Back in 2009 when Delaware legalized sports betting, it was a big deal. Not because it was the fourth state to allow it, but because I was nineteen and Delaware Park was a stones throw away from campus. Good news for Delaware’s economy, bad news for a college student’s expendable budget.

If anyone felt particularly passionate about a team or matchup, we’d take the quick drive down to that gigantic wall of televisions and put a down dollar or two, eat some chicken fingers, and cheer for a team no one really cared about just to see the other person lose.

The best and most often debated subjects were the prop bets. Have you ever watched two grown men scream louder during the coin toss than when their team scores a winning touchdown? It’s a thing of beauty.

Prop bets are the not-so-serious, but still real wagers that can draw the quirky crowd into the actually-serious world of sports betting.

While the biggest single day for the bookies may be the Super Bowl (where I usually bet on which color of Gatorade is in the home team’s cooler rather than the final score), March Madness always draws an overly confident and tremendous crowd.

But we want to talk about another March Madness - the NCAA Indoor National Championships. In the last few days, we’ve said, “I bet X person wins... There is no way that Y relay loses.” Why not pretend that we’re confident enough to put our money where we’re spewing that bullhonkey from?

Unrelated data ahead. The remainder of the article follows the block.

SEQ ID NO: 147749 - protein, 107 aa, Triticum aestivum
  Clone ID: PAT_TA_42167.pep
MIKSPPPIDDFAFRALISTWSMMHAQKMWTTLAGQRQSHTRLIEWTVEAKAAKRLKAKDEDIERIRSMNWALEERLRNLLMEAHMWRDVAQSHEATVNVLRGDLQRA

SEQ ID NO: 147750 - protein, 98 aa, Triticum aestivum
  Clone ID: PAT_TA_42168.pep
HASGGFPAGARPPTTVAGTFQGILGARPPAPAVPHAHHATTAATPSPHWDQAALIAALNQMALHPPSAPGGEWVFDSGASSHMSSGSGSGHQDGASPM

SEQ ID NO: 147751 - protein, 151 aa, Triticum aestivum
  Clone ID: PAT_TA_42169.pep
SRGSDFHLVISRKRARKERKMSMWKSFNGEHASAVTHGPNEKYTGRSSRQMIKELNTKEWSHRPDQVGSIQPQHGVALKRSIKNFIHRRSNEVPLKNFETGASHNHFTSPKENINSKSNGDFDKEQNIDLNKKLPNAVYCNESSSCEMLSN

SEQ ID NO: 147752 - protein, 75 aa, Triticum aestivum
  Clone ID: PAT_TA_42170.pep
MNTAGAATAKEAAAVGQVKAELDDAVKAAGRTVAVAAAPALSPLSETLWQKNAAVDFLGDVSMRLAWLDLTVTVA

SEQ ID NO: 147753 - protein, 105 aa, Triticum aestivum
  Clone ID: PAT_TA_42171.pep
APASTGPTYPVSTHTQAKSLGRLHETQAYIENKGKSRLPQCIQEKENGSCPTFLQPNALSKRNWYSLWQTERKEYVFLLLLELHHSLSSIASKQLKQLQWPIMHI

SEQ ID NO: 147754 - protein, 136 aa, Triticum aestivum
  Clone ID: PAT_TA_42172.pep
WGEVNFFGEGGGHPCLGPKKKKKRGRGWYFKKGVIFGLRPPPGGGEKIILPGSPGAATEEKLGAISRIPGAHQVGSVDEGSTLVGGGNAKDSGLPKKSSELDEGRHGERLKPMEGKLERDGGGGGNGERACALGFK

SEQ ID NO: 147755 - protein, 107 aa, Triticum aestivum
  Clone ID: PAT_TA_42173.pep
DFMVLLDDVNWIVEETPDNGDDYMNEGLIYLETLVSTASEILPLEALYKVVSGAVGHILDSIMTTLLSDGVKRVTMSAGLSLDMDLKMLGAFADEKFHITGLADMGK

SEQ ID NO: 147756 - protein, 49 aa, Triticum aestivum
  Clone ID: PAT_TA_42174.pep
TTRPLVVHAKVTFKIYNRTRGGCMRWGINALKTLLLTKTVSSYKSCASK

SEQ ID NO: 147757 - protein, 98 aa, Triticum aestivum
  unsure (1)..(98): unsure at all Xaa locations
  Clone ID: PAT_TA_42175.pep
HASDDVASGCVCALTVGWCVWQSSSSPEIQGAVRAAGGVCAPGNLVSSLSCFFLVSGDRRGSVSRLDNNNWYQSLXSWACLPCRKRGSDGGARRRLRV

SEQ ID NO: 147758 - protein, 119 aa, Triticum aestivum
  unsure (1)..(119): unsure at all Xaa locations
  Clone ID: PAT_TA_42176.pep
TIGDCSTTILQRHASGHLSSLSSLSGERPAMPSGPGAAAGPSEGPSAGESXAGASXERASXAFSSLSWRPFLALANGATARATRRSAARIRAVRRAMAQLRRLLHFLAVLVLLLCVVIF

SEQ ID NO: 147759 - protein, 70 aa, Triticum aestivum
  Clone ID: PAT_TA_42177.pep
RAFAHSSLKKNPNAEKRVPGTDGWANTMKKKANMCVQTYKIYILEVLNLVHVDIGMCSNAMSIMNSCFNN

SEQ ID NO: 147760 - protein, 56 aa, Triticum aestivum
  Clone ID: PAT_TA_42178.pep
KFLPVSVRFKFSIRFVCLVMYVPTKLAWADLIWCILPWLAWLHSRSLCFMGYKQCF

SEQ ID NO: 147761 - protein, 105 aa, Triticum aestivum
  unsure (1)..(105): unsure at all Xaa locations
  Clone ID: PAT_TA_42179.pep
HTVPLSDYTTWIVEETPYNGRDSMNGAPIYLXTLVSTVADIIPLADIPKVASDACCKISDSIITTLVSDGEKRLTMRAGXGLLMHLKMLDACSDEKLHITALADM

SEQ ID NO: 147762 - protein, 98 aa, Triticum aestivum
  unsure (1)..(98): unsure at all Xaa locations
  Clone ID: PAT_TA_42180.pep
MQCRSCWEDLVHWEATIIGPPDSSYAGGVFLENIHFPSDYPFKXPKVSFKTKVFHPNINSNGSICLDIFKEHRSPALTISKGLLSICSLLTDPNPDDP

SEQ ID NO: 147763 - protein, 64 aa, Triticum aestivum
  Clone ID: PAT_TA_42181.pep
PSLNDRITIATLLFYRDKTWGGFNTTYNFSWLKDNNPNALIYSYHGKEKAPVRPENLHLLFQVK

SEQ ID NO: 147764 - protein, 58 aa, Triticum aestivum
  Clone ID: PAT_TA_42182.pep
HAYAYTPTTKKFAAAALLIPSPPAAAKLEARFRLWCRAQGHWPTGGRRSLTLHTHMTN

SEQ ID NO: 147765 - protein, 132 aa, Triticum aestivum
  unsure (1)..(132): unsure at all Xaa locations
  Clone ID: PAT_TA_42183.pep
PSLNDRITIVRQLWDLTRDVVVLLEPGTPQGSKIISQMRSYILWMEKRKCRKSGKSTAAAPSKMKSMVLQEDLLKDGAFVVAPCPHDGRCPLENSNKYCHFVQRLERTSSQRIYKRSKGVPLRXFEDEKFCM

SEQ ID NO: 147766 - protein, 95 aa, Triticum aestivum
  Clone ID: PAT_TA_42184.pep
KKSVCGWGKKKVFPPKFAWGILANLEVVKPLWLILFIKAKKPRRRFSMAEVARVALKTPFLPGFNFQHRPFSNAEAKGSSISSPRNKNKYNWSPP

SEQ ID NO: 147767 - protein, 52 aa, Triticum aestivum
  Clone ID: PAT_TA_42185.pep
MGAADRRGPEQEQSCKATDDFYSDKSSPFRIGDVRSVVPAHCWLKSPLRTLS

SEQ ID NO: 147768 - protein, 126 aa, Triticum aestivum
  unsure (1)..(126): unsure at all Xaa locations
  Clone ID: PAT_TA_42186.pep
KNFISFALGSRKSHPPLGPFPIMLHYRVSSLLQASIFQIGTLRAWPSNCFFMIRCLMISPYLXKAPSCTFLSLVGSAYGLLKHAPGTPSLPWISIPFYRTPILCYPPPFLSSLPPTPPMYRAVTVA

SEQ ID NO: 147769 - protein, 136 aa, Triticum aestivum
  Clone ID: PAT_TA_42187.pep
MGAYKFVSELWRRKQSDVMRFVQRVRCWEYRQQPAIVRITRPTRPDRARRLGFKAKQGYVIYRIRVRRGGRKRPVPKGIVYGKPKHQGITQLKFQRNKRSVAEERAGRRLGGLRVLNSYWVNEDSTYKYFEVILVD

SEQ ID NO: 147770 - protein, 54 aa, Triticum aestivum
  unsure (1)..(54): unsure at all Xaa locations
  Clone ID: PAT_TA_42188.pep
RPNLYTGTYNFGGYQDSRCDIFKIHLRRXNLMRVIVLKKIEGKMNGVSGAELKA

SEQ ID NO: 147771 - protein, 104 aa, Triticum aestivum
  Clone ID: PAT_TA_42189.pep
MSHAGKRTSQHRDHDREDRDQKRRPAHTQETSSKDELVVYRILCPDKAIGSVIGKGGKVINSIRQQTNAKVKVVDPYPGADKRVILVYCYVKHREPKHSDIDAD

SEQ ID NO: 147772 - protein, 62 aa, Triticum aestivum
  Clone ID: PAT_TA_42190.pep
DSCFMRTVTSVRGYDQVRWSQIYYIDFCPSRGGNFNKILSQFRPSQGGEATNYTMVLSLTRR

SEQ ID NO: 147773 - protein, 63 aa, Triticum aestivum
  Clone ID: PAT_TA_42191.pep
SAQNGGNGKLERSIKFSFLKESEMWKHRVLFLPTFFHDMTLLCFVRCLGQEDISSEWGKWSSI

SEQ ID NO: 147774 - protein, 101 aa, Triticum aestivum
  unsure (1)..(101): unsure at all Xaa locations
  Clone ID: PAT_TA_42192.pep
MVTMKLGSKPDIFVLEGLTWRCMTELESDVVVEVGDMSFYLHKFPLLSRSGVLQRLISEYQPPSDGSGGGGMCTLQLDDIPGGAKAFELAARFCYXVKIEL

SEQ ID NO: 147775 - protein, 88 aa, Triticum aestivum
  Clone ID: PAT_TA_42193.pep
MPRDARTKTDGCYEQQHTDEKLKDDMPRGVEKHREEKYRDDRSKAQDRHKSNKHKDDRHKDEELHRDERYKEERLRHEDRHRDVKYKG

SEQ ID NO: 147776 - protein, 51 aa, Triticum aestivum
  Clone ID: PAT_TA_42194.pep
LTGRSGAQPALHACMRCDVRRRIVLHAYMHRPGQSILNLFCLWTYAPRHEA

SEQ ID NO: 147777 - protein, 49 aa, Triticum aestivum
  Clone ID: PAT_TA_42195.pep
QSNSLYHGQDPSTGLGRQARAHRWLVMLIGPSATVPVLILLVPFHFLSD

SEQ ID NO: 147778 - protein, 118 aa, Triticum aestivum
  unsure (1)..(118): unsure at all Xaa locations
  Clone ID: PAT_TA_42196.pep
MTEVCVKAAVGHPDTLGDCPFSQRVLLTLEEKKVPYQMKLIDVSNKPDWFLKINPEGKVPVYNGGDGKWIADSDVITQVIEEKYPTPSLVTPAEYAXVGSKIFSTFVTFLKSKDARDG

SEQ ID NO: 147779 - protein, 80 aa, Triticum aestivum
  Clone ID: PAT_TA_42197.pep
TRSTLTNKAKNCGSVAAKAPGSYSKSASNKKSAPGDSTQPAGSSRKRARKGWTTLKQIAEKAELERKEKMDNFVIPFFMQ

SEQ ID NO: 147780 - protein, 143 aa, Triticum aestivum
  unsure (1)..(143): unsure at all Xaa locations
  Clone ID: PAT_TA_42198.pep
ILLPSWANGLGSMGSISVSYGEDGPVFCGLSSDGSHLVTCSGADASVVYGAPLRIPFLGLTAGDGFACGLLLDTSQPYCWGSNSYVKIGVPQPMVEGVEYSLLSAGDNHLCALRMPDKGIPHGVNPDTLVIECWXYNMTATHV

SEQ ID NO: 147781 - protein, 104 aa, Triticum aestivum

There’s no betting lines for NCAA track and field, but that’s not the most concerning...

WHERE ARE THE PROP BETS?!

In the past few days, we’ve come across some good ones. To avoid any legal trouble, please, please do not bet on these. They’re simply not-so-serious wagers with semi-serious undertones.

Over/under:
The women's mile goes out in 2:56.74

Mile finals are always tactical. Are some of these races becoming a kicker’s paradise or has it always been this way? If you think this is a new trend, the Big 10 would like to have a word with you.



Someone will dive for the line in the men's mile
: 5/1

In the last two men’s finals, there has been someone who’s dove for a potential title. That special someone, Miles Batty, is 0 for 2 in that category. With him out of the picture, does that open the door for a newcomer to break the diving curse?

Erik Kynard will bring a burger king crown
: 2/1

He might want to consider just wearing his silver medal. Keep the socks, though.

Someone will fall on the men's 4x4
: 4/1

We’ve had a few collisions this winter. Ain’t nothing wrong with a little bumpin’ and rubbin’, but if someone goes down in Fayetteville, it’ll be serious.

Someone will lose the baton in the men's 4x4
: 12/1

If Penn State hadn’t lost the baton at Alex Wilson, they would have been the last team in to nationals. If you can’t laugh about it, then it’s just an incredibly unfortunate turn of events. Maybe some sticky glue, perhaps?

Someone will start a fight in the men's 4x4
: 1/1

The stage? The egos? The intensity? It’s not the Armory, but the 400m is no stranger to brawls. Anyone remember when Antonion Cromartie was in the ACC?



Kennedy Kithuka will high five Lolo Jones on the way to the finish
: 3/7

The safest bet so far.

A #16 seed will win
: 20/1

This one was discussed at some length. NCAA basketball has its bubble busters, why can’t track and field have some cinderella stories? Remember, Girma Mecheso is the last seed in the men’s 5000m.